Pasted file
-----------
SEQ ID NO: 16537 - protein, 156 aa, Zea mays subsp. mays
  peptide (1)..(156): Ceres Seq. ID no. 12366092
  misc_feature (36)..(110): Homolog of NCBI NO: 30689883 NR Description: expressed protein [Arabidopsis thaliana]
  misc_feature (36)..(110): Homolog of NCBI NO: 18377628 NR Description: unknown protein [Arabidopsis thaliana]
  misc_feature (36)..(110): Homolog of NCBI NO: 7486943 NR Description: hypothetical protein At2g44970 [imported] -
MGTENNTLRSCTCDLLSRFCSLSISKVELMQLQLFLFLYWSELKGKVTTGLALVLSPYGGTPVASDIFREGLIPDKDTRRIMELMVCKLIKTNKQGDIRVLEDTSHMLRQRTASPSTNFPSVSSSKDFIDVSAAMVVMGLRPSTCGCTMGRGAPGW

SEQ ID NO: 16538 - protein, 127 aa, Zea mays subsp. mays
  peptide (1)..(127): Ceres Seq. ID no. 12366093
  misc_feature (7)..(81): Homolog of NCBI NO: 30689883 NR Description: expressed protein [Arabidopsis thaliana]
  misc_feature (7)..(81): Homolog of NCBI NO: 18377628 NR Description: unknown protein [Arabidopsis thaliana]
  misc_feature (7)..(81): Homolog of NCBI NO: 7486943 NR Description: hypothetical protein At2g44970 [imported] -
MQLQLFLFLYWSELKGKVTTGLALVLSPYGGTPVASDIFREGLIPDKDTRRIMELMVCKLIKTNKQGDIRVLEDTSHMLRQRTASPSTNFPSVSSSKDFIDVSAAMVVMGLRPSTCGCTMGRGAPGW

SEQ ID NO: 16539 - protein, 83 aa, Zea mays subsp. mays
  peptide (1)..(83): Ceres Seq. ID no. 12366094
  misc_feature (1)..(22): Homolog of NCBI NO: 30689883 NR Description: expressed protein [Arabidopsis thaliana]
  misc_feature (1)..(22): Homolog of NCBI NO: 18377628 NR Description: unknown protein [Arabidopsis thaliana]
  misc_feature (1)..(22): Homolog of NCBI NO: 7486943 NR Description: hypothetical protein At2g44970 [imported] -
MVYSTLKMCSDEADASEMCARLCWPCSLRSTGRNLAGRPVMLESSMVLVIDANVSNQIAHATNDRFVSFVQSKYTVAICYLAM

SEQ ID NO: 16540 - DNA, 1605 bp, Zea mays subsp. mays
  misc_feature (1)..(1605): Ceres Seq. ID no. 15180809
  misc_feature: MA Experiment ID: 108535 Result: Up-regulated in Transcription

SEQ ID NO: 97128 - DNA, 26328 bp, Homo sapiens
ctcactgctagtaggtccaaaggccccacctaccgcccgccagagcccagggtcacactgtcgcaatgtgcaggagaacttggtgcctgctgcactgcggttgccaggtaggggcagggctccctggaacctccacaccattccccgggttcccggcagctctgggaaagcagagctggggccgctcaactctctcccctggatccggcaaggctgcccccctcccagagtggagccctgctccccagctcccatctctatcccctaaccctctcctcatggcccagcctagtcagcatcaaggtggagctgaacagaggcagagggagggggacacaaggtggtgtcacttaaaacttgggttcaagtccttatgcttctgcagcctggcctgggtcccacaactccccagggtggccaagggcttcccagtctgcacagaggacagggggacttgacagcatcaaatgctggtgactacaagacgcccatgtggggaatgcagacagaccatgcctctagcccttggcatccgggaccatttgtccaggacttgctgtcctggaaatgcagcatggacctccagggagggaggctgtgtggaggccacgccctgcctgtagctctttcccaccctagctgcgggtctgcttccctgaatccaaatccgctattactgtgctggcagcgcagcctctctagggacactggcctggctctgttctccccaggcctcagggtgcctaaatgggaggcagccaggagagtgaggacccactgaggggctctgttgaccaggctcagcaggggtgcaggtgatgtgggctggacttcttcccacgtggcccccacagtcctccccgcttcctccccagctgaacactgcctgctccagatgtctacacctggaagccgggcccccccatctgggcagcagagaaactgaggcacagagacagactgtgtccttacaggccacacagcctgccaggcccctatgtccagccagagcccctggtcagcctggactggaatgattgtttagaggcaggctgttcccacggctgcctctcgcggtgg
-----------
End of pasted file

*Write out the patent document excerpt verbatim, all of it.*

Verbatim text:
SEQ ID NO: 16537 - protein, 156 aa, Zea mays subsp. mays
  peptide (1)..(156): Ceres Seq. ID no. 12366092
  misc_feature (36)..(110): Homolog of NCBI NO: 30689883 NR Description: expressed protein [Arabidopsis thaliana]
  misc_feature (36)..(110): Homolog of NCBI NO: 18377628 NR Description: unknown protein [Arabidopsis thaliana]
  misc_feature (36)..(110): Homolog of NCBI NO: 7486943 NR Description: hypothetical protein At2g44970 [imported] -
MGTENNTLRSCTCDLLSRFCSLSISKVELMQLQLFLFLYWSELKGKVTTGLALVLSPYGGTPVASDIFREGLIPDKDTRRIMELMVCKLIKTNKQGDIRVLEDTSHMLRQRTASPSTNFPSVSSSKDFIDVSAAMVVMGLRPSTCGCTMGRGAPGW

SEQ ID NO: 16538 - protein, 127 aa, Zea mays subsp. mays
  peptide (1)..(127): Ceres Seq. ID no. 12366093
  misc_feature (7)..(81): Homolog of NCBI NO: 30689883 NR Description: expressed protein [Arabidopsis thaliana]
  misc_feature (7)..(81): Homolog of NCBI NO: 18377628 NR Description: unknown protein [Arabidopsis thaliana]
  misc_feature (7)..(81): Homolog of NCBI NO: 7486943 NR Description: hypothetical protein At2g44970 [imported] -
MQLQLFLFLYWSELKGKVTTGLALVLSPYGGTPVASDIFREGLIPDKDTRRIMELMVCKLIKTNKQGDIRVLEDTSHMLRQRTASPSTNFPSVSSSKDFIDVSAAMVVMGLRPSTCGCTMGRGAPGW

SEQ ID NO: 16539 - protein, 83 aa, Zea mays subsp. mays
  peptide (1)..(83): Ceres Seq. ID no. 12366094
  misc_feature (1)..(22): Homolog of NCBI NO: 30689883 NR Description: expressed protein [Arabidopsis thaliana]
  misc_feature (1)..(22): Homolog of NCBI NO: 18377628 NR Description: unknown protein [Arabidopsis thaliana]
  misc_feature (1)..(22): Homolog of NCBI NO: 7486943 NR Description: hypothetical protein At2g44970 [imported] -
MVYSTLKMCSDEADASEMCARLCWPCSLRSTGRNLAGRPVMLESSMVLVIDANVSNQIAHATNDRFVSFVQSKYTVAICYLAM

SEQ ID NO: 16540 - DNA, 1605 bp, Zea mays subsp. mays
  misc_feature (1)..(1605): Ceres Seq. ID no. 15180809
  misc_feature: MA Experiment ID: 108535 Result: Up-regulated in Transcription

SEQ ID NO: 97128 - DNA, 26328 bp, Homo sapiens
ctcactgctagtaggtccaaaggccccacctaccgcccgccagagcccagggtcacactgtcgcaatgtgcaggagaacttggtgcctgctgcactgcggttgccaggtaggggcagggctccctggaacctccacaccattccccgggttcccggcagctctgggaaagcagagctggggccgctcaactctctcccctggatccggcaaggctgcccccctcccagagtggagccctgctccccagctcccatctctatcccctaaccctctcctcatggcccagcctagtcagcatcaaggtggagctgaacagaggcagagggagggggacacaaggtggtgtcacttaaaacttgggttcaagtccttatgcttctgcagcctggcctgggtcccacaactccccagggtggccaagggcttcccagtctgcacagaggacagggggacttgacagcatcaaatgctggtgactacaagacgcccatgtggggaatgcagacagaccatgcctctagcccttggcatccgggaccatttgtccaggacttgctgtcctggaaatgcagcatggacctccagggagggaggctgtgtggaggccacgccctgcctgtagctctttcccaccctagctgcgggtctgcttccctgaatccaaatccgctattactgtgctggcagcgcagcctctctagggacactggcctggctctgttctccccaggcctcagggtgcctaaatgggaggcagccaggagagtgaggacccactgaggggctctgttgaccaggctcagcaggggtgcaggtgatgtgggctggacttcttcccacgtggcccccacagtcctccccgcttcctccccagctgaacactgcctgctccagatgtctacacctggaagccgggcccccccatctgggcagcagagaaactgaggcacagagacagactgtgtccttacaggccacacagcctgccaggcccctatgtccagccagagcccctggtcagcctggactggaatgattgtttagaggcaggctgttcccacggctgcctctcgcggtgg